...somebody who's rights in this specific language, with this specific sin you already and on the flip side of that, what you're doing is making sure you have why the likelihood that you'll get, Oh yeah, you know, I know she can do python. I know we said that, but I don't know. I wasn't really vibing with her. So it's both ends where it's possible to get it wrong. You've helped us understand why a clear set of simplified competencies are really important. Let's hear about creating rubrics. Gosh, I think probably this is the most important thing that you can take away from today. Once you to find Copss, you absolutely have to have a rubric at Carrot. This is what we do for a living. We have human beings, we call them interview engineers, and they have to fill out seventy one different inputs throughout the interview process, not just speaking to whether or not they got to the question, but what was the question that they answered, how did they answer it and was it in line with the level Lin? It's a contract before you get started that says, okay, if I ask a question and they respond this way, then there are a beginner, but if they respond this way, we will consider that intermediate, and if they touch on these concepts, then we think of them as advanced. And essentially what you're doing there is that you're building not just a less biased process, but you're also building a defensible position. One of the things I really like about on Caredif the you're constantly working with your customers to help them iterate and improve. But when you look at that candidate journey or hiring practices that go awry? How might we know that we have a problem and is there any advice for people leaders who may be struggling? Where should we start to look if things are not going as plan? You have fifty candidates and people of underrepresented communities and those who are not in the hundred percent of your hires are in a second category. So one of the most cases to this is really understanding your funnel and understanding when candidates are dropping out of the process. My suggestion is to evaluate every part of the process. If the job posting, how many people from underrepresented communities are actually applying and you make adjustments to increase at number if it's not in line with what it should be in the market. After that, screen and sure that you're not screening out folks that are from underrepresented communities that seem to have the right qualifications before they even get to that initial text screen. But it's also important, not just in the tech train, to watch every single interviewer at your company. If you have candidates from the communities that you're looking to hire from that are constantly dropping off at that same person in the loop or specific point, then you probably need to reevaluate whether or not you've done the right amount of training to your interviewers or even take a look at your culture on site. I would say the other indication is listen to the candidate make sure we care. We actually will ask the candidate...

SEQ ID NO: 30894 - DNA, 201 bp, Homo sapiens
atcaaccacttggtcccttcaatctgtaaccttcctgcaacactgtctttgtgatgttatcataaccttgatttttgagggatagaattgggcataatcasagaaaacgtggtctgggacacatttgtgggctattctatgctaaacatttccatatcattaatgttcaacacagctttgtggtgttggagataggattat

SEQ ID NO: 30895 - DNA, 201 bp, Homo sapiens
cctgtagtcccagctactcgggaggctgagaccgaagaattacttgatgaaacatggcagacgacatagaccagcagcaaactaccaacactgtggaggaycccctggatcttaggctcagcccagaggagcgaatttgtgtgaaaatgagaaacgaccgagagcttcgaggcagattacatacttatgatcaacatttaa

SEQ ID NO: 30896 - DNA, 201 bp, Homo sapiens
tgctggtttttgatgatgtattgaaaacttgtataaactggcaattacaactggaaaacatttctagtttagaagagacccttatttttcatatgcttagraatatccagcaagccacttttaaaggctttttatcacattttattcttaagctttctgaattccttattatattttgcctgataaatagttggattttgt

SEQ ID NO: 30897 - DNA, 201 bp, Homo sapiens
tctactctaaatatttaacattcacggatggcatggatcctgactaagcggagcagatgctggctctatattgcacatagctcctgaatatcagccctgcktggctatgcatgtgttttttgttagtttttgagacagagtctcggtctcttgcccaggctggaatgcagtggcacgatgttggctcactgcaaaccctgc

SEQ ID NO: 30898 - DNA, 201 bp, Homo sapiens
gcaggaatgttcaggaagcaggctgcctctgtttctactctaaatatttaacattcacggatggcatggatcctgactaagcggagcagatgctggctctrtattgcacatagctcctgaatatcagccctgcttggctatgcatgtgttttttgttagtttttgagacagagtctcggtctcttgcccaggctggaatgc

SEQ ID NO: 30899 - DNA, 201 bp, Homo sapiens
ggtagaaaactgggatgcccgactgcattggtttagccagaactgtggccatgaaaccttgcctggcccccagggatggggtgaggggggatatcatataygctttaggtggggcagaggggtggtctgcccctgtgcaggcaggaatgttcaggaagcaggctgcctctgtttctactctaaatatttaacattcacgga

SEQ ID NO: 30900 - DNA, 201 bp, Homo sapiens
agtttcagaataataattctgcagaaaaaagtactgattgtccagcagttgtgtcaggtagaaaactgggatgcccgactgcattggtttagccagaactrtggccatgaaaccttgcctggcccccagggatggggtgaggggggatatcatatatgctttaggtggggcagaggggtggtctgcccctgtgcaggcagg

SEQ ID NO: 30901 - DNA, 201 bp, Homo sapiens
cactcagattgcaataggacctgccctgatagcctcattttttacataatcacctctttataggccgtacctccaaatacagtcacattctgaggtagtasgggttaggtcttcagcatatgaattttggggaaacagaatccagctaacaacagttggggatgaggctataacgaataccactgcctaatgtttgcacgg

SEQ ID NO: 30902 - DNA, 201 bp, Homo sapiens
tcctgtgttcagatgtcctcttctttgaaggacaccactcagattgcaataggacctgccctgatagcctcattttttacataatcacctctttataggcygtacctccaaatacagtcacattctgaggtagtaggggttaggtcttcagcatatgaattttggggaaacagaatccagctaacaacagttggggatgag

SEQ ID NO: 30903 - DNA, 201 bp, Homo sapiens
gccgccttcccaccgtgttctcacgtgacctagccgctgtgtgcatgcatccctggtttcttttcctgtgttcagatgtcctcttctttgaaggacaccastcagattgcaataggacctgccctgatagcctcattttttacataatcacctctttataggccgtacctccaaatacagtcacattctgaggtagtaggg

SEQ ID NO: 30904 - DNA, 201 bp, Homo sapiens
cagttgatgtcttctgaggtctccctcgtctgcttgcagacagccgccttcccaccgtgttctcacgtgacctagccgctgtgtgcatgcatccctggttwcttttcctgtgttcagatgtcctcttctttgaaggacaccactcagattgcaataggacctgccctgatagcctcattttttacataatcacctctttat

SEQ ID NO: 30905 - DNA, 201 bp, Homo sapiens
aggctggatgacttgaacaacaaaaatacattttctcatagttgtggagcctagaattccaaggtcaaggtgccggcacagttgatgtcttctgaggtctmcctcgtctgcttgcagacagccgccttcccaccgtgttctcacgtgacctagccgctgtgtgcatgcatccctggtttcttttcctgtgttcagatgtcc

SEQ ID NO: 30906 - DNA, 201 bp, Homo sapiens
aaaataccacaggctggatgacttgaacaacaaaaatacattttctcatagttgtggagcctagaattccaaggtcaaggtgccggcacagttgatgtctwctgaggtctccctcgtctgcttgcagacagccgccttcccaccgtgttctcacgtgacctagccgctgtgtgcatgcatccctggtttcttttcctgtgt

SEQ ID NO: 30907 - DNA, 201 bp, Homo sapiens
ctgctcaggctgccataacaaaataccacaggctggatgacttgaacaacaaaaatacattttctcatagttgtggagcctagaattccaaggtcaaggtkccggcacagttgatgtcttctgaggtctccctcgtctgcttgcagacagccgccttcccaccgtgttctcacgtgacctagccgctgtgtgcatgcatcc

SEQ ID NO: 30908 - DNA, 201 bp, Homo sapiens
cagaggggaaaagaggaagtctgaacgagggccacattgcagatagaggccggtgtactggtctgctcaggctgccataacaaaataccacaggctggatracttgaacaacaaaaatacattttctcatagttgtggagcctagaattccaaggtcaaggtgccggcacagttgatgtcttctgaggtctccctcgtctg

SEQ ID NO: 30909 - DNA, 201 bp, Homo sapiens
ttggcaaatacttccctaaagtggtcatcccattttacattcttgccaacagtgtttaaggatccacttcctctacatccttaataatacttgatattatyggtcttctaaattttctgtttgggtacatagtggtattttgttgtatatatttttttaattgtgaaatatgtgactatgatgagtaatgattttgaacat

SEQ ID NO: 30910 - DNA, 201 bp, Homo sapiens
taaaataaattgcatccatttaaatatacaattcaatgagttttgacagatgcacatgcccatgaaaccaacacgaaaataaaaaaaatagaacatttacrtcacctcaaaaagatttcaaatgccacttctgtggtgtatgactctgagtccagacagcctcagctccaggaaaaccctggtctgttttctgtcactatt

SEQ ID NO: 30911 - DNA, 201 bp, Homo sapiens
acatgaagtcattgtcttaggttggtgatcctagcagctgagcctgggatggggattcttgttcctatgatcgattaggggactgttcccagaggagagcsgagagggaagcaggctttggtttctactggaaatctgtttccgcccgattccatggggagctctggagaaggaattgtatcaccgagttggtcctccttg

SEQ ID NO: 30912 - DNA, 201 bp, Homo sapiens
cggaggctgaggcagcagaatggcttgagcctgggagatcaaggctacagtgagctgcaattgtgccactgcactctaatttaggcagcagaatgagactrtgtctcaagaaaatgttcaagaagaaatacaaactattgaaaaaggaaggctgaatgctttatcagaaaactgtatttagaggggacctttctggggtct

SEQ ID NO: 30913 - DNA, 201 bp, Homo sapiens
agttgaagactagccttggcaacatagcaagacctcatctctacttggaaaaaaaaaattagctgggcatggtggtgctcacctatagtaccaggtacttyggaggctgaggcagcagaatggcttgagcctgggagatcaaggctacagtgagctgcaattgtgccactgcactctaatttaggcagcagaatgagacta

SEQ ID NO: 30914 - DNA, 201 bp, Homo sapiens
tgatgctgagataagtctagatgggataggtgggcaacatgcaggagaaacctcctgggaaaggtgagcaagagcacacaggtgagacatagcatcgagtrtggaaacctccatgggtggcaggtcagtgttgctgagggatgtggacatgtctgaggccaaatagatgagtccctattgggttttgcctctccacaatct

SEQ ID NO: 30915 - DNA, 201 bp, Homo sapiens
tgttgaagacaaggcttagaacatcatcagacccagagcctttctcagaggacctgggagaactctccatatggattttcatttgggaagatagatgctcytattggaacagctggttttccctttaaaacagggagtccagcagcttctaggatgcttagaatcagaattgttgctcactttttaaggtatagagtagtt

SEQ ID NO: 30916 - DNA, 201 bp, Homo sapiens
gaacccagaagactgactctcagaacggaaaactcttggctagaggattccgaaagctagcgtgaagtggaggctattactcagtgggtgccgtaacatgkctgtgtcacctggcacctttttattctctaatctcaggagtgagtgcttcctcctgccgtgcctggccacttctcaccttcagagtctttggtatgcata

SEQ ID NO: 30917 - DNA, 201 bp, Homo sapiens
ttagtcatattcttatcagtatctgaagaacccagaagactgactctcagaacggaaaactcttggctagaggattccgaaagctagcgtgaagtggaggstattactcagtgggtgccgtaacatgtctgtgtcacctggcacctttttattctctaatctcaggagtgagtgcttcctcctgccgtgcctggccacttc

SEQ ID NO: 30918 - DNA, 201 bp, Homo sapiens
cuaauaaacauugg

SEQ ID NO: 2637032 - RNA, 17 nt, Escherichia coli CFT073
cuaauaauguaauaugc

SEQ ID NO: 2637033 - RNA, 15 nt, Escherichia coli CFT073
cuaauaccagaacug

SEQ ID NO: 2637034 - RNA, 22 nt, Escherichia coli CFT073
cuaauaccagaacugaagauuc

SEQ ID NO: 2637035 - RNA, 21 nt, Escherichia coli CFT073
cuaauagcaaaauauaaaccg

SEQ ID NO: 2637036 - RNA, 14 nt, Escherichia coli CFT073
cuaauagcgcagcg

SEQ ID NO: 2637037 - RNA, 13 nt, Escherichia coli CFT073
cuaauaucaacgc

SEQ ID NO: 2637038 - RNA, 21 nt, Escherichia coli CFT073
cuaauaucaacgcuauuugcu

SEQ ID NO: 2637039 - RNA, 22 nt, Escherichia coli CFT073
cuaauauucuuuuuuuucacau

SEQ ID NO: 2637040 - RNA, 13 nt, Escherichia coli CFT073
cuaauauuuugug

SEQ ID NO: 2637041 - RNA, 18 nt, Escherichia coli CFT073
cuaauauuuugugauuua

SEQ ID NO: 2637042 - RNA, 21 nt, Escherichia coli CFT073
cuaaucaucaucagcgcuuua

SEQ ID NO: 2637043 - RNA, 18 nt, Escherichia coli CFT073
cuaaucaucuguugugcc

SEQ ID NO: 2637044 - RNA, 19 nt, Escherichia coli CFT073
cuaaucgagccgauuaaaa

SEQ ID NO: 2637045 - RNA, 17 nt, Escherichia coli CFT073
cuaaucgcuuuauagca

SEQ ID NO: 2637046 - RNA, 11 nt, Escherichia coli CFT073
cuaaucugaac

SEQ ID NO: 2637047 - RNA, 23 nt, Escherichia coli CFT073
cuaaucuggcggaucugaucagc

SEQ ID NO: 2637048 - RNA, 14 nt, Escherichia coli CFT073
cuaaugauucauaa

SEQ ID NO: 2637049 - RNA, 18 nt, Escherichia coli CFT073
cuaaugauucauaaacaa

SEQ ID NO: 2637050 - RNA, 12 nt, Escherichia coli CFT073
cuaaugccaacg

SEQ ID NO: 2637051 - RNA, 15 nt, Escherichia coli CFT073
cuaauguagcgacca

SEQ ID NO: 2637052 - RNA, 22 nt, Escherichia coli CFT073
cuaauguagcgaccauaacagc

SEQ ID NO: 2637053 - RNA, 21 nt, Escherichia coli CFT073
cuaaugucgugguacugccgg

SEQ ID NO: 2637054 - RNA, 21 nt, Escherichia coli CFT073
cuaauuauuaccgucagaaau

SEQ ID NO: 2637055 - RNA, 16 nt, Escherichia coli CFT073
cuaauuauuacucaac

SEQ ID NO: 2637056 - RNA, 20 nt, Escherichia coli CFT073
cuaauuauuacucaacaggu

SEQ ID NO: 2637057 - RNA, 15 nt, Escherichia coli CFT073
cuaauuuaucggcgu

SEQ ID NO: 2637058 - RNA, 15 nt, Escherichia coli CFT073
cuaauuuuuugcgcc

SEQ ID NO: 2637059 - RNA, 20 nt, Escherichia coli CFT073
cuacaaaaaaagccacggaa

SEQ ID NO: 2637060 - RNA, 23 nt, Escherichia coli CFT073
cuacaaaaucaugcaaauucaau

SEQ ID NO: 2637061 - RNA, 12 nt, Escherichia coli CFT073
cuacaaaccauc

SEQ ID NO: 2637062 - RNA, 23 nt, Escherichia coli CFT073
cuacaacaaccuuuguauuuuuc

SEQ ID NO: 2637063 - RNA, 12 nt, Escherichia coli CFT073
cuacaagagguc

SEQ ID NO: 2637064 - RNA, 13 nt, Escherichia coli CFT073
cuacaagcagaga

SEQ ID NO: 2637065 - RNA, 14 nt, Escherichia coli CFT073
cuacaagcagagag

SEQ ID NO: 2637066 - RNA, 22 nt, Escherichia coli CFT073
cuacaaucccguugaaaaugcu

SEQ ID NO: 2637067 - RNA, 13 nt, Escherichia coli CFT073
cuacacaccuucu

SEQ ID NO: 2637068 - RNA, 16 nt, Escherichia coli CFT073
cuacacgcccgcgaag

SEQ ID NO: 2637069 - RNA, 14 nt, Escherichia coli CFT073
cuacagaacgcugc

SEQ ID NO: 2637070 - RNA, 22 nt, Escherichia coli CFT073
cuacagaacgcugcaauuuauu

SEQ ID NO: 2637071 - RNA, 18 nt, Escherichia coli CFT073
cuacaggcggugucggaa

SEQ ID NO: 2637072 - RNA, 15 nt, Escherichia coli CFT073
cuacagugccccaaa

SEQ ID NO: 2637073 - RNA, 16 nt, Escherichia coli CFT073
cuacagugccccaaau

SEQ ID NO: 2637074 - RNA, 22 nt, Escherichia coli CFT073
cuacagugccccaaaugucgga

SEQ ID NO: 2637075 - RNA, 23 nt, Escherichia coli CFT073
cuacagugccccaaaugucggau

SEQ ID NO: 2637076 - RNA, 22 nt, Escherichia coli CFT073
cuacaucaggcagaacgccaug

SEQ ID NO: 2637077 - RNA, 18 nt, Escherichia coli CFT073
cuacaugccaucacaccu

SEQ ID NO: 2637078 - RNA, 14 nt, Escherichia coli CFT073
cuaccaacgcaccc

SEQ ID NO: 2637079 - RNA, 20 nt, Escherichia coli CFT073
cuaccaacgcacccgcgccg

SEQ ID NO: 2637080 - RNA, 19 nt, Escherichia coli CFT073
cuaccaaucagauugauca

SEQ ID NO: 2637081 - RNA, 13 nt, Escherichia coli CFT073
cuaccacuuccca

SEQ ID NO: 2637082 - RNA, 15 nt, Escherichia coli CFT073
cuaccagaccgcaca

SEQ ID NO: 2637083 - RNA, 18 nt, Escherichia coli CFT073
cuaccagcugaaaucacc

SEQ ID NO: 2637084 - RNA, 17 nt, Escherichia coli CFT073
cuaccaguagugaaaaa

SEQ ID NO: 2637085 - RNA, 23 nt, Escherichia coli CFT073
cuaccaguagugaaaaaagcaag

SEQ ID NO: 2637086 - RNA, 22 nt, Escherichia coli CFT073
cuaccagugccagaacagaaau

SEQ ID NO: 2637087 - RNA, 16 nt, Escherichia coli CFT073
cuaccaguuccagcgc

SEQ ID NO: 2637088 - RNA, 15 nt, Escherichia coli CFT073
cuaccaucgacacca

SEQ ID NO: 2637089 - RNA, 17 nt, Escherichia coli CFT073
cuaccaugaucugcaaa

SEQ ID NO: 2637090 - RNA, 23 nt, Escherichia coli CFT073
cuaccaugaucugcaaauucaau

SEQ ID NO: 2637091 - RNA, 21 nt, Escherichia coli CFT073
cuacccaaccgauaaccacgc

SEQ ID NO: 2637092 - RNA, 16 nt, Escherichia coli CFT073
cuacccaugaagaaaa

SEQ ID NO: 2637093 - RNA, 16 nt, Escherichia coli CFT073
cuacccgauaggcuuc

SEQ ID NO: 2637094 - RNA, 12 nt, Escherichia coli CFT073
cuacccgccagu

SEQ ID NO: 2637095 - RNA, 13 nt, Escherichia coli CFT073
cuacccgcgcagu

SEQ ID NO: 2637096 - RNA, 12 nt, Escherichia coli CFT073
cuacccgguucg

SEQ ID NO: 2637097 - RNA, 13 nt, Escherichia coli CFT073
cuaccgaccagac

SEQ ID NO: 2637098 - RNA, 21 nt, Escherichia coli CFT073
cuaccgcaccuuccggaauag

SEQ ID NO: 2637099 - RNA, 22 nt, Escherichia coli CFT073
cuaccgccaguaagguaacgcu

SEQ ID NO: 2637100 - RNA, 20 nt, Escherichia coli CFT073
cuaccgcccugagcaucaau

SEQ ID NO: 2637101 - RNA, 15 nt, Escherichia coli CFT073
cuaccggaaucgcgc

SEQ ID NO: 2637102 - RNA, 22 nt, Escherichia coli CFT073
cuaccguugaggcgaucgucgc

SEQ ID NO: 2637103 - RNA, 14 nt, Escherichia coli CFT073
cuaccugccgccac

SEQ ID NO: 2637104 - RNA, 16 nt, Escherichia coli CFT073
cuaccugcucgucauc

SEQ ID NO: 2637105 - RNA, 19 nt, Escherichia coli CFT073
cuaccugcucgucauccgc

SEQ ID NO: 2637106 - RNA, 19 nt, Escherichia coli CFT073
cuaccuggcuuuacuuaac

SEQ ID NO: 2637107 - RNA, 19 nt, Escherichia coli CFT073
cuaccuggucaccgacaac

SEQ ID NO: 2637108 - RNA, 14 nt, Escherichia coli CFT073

...to fill out a survey afterwards. It's pretty extensive because obviously we want to make sure that we capture all of their fewback and we continue to be successful and they have an enjoyable, I think just me talked about that in the beginning, and enjoyable experience, and that's really important. But this is also a chance for them to be able to speak to the experience itself, and so you may want to approach them a little bit on their feedback on specific interviewers. It ties in so clearly with what we're hearing ABOUTDI and general overall, which is that it's there is no one size fits all approach and if you're trying to go at it, I've done x, Y Z and I'm done, you're not making change. And so I love the idea that you're iteration is actually acknowledgement. So you're not only acknowledging that bias exists and it's a huge problem, but you're acknowledging that this is like a process and not like a destination. Will real stop and be done and be perfect. I just see you know so much tie in there. Now another practice that carrot facilitates that I'd love to hear a little bit more about is setting a hiring bar. So tell me what that looks like. Yeah, absolutely. This is really important because, remember, we talked a little bit earlier about those the rubric and how we decide what are our competents. So we build this rubric, but then we also write out the potential answers and how you level those answers. So I'm going to give you an example and then I'll talk about why this is really important. So let's say that I'm hiring a level level three job, a developer, and I have a set of questions around Java. Making sure that you have a pre established hiring bar means that, essentially, in order to determine whether or not this person is a level three, you need to, before the Inter free process, have determined what a level three looks like. So if a level three is that out of the five questions that we asked about Java, maybe four or three of them have to be intermediate, then that's a level three. So then you build that into the process and enture. Okay, folks are figuring out, they're filling out the rubric, they're going back in. They have this defensible position and this candidate came in. We think there are level three, but the only answer two questions intermediate. The rest, for a beginner probably not a level three, even if we like that person. But if a candidate came in and they answered three questions, as we determine before they started the interview, as intermediate, that fits level three. Okay, great, everybody wants to hire this person. Of them, we've leveled them accordingly. This is extremely important because what happens often times advises people say, you know, they're just not capable of doing the job. And in fact, I think I heard at some point when I was hired, there was a leadership team at one of the companies that I was working at and, just as anecdotally, I was hired by a VP of engineering that understood that there were some biases and issues within the team. That being said, when I got the job afterwards,...